Readers like Creighton Fung are having trouble wrapping their minds about the new Petaluma River bridge that is being built on Highway 101 as part of the Marin-Sonoma Narrows widening project. They’ve heard about it but haven’t seen much construction.

“Are we getting a new 101 bridge over the river, or are they widening the existing bridge?” Fung wrote. “If a new bridge is being built, how do they build that while the old bridge is in place?”

He might be surprised to know that crews have been working on a new bridge since early this year, a project that will take two and half to three years start to finish. From Highway 101, you’d never know they were down there, and until the action surfaces in March, motorists along Petaluma Boulevard South are the only ones watching the work.

“I’ve been anxious to drag people down there to see it all,” said Senior Bridge Engineer Jeffrey Kress,who serves as Caltrans’ eyes and ears on the project.

Kress gave us a tour and described the complicated choreography involved with planning and building the 907-foot bridge, the third longest precast, pre-stressed concrete girder bridge in the United States. When it’s finished in late 2015 or early 2016, it will replace the two existing bridges, with enough extra width to hold shoulders and three lanes of traffic in each direction.

The new bridge has arched girders, wave patterns on the deck and pier caps and fractured fin texture on the columns. (Caltrans rendering)

Building the new bridge without disrupting traffic on the current spans is tricky, as are the rigorous environmental restrictions in place to protect the riparian ecosystem, relocating the utilities that snake through the area (PG&E, AT&T, Comcast, Sonoma County Water and Marin County’s municipal aqueduct) and legal challenges aimed at protecting the cliff swallows that nest beneath the girders.

Even so, Kress said, crews are working at “a furious pace,” putting in six- and seven-day weeks to stay on schedule. “I’ve been building bridges for 23 years, and these contractors are moving faster than ever before.”

Here’s what they’re up to:

* Building the substructure that will hold the new six-lane bridge. The new bridge will be 970 feet long, with a 212-foot main span across the river. Because its support piers are farther apart, it will have a wider footprint, allowing the river beneath it to be widened from 100 feet to about 150 feet.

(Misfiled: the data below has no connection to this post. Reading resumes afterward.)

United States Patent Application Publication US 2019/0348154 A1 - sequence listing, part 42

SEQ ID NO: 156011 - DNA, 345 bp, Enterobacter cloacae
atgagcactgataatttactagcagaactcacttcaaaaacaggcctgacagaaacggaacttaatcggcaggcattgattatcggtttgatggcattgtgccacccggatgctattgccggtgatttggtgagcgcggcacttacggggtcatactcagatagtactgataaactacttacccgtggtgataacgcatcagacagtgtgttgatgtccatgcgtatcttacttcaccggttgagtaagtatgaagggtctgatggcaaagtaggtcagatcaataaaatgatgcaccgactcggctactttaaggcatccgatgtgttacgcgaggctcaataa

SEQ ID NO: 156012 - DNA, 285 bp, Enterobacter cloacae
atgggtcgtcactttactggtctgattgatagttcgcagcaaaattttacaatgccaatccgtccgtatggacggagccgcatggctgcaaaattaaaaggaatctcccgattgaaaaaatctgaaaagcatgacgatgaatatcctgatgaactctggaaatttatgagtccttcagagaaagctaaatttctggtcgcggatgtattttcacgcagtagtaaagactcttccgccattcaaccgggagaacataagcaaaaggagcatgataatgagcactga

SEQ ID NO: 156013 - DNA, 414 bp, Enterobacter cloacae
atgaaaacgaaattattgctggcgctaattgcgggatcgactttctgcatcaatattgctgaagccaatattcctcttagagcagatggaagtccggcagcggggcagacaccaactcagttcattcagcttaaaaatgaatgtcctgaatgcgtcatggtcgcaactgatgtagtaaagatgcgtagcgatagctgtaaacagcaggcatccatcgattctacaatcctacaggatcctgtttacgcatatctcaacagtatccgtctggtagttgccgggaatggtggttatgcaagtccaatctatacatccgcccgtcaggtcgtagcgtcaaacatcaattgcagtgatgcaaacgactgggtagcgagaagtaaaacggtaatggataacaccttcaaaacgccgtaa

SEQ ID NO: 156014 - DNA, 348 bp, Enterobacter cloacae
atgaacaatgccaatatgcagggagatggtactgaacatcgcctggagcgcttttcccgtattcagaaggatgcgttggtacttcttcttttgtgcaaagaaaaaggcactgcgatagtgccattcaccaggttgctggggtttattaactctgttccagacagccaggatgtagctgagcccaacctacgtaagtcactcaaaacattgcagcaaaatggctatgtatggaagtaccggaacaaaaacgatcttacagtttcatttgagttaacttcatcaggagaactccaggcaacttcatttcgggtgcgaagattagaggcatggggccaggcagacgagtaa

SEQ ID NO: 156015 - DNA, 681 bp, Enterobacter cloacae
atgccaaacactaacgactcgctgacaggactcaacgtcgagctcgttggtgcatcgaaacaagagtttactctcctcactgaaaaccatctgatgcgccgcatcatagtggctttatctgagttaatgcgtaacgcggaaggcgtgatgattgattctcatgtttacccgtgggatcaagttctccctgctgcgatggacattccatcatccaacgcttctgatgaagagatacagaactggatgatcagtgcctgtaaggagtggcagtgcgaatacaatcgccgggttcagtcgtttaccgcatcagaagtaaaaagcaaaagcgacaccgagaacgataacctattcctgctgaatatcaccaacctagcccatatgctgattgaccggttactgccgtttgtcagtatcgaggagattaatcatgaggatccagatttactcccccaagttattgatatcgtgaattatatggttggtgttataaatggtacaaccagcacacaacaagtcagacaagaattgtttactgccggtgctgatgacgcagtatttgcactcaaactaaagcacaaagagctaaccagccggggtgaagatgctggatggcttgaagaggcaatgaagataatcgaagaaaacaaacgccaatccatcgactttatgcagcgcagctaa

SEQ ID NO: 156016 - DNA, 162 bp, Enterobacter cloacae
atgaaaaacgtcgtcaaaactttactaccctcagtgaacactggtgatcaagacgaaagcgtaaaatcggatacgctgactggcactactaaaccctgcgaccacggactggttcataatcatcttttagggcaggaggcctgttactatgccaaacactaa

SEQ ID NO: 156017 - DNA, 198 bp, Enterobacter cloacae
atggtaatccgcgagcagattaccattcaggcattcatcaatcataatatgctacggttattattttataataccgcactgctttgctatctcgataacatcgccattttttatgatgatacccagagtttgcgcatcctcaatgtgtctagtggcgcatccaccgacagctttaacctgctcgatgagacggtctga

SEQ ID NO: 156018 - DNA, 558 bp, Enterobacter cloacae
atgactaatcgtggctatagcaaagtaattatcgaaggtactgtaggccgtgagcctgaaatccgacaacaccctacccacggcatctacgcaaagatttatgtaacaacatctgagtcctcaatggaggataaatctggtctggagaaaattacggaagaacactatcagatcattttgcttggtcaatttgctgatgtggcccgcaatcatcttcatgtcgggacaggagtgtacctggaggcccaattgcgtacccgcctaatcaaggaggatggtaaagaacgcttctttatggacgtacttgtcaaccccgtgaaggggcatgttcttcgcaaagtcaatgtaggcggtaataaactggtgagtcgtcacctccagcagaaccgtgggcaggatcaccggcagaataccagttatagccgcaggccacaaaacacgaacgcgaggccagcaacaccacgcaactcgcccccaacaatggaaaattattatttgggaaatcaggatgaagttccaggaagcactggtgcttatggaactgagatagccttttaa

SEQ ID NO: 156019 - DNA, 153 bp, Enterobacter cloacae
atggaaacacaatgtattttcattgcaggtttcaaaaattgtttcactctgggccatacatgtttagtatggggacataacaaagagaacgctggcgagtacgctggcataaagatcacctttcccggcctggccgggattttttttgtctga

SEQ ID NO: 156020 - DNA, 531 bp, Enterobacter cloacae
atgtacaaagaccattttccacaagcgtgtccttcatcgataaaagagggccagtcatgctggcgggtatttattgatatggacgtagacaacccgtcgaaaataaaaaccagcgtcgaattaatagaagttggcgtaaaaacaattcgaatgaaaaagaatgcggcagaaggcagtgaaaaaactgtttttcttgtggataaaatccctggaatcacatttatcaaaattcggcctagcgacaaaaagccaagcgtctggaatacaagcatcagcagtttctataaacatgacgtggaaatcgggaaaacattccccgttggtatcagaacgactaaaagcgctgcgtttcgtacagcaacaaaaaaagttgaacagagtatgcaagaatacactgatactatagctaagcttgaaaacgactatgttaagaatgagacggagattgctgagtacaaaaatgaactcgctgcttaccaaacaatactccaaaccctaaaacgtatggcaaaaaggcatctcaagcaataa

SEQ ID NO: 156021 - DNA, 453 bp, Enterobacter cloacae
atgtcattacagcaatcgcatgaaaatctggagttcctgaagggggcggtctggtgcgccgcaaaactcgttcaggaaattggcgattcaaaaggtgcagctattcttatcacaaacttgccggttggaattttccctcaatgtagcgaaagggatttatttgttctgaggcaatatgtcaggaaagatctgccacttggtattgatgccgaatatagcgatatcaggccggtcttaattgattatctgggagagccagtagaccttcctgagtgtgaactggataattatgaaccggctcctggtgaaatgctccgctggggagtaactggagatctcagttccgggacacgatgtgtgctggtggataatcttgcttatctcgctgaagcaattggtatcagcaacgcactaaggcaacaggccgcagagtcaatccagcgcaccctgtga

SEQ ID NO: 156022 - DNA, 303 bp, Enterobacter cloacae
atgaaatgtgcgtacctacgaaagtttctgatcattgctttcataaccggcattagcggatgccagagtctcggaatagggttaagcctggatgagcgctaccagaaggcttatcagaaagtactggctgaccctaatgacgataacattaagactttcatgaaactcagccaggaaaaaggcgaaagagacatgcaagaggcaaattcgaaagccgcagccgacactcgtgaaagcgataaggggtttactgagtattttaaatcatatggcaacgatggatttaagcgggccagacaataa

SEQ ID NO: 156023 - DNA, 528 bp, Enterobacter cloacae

Five sets of concrete columns have been or will be poured in sets of three, spread between the south side of Petaluma Boulevard South and the northern river bank. They’re in various stages, with those on the north and south sides nearly done. Those in between are closer to the water, and coffer dams are required to build foundations. Once all the columns are done, five concrete pier caps will be installed on top of them.

Kress hopes the substructure will be done in mid- to late March 2014.

New columns are being built between existing pier supports. The middle one is wrapped in a thermal blanket to control the temperature while the concrete sets.

* Building the median. When the substructure is ready, 300-foot cranes will be constructed at river level, a process that will take a couple of weeks, and Highway 101 motorists will begin to see the construction. Starting in mid-April 2014, the cranes will be used to hoist 27 girders onto the pier caps that will have been built in the gap between existing bridges, where they will be spliced together to form a new median. A deck will be built on top of the girders, and by late summer the median will be ready to hold traffic.

Coffer dam on south river bank where new column will be built to replace the one in the center of photo.

*Demolishing the existing bridges, built in the 1950s. This will be done in stages, with southbound traffic shifted to the median in mid- to late August 2014 so the southbound bridge can be demolished. The 300-foot cranes will reach out over the river, lowering pieces of debris onto barges that will take it away to be recycled. Demolition should take a month to a month and a half to finish, ending in late September 2014.

* Building the new bridges. Once the southbound bridge is gone, new abutments can be built and crews can begin building the west half of the new bridge, a process expected to start in October 2014. Girders, each weighing 90 tons, will be flown in from the Central Valley, and the cranes will be used to set them onto the pier caps. Decking will be installed, and southbound traffic will be shifted onto the new southbound lanes. If all goes as planned, that will happen in March 2015.

The process will be repeated for the northbound lanes, with cranes moved to the east side of the bridge, northbound traffic shifted to the median, existing bridge demolished (in April 2015) and construction beginning in May 2015 on the new northbound lanes.

The new bridge is expected to be complete by late 2015 or early 2016.

*Clean-up work. Caltrans contractors will remove the old piers from the river. The Corps of Engineers will dredge the river to take advantage of its newly widened channel, which will make it easier for boats to navigate.

*Adornments. Although it would be possible for crews to personalize the concrete columns while they are being poured, Kress said he knows of no effort to leave a Bay Bridge troll-style keepsake under this new bridge. “I’m the only troll under this bridge,” he said with a laugh.


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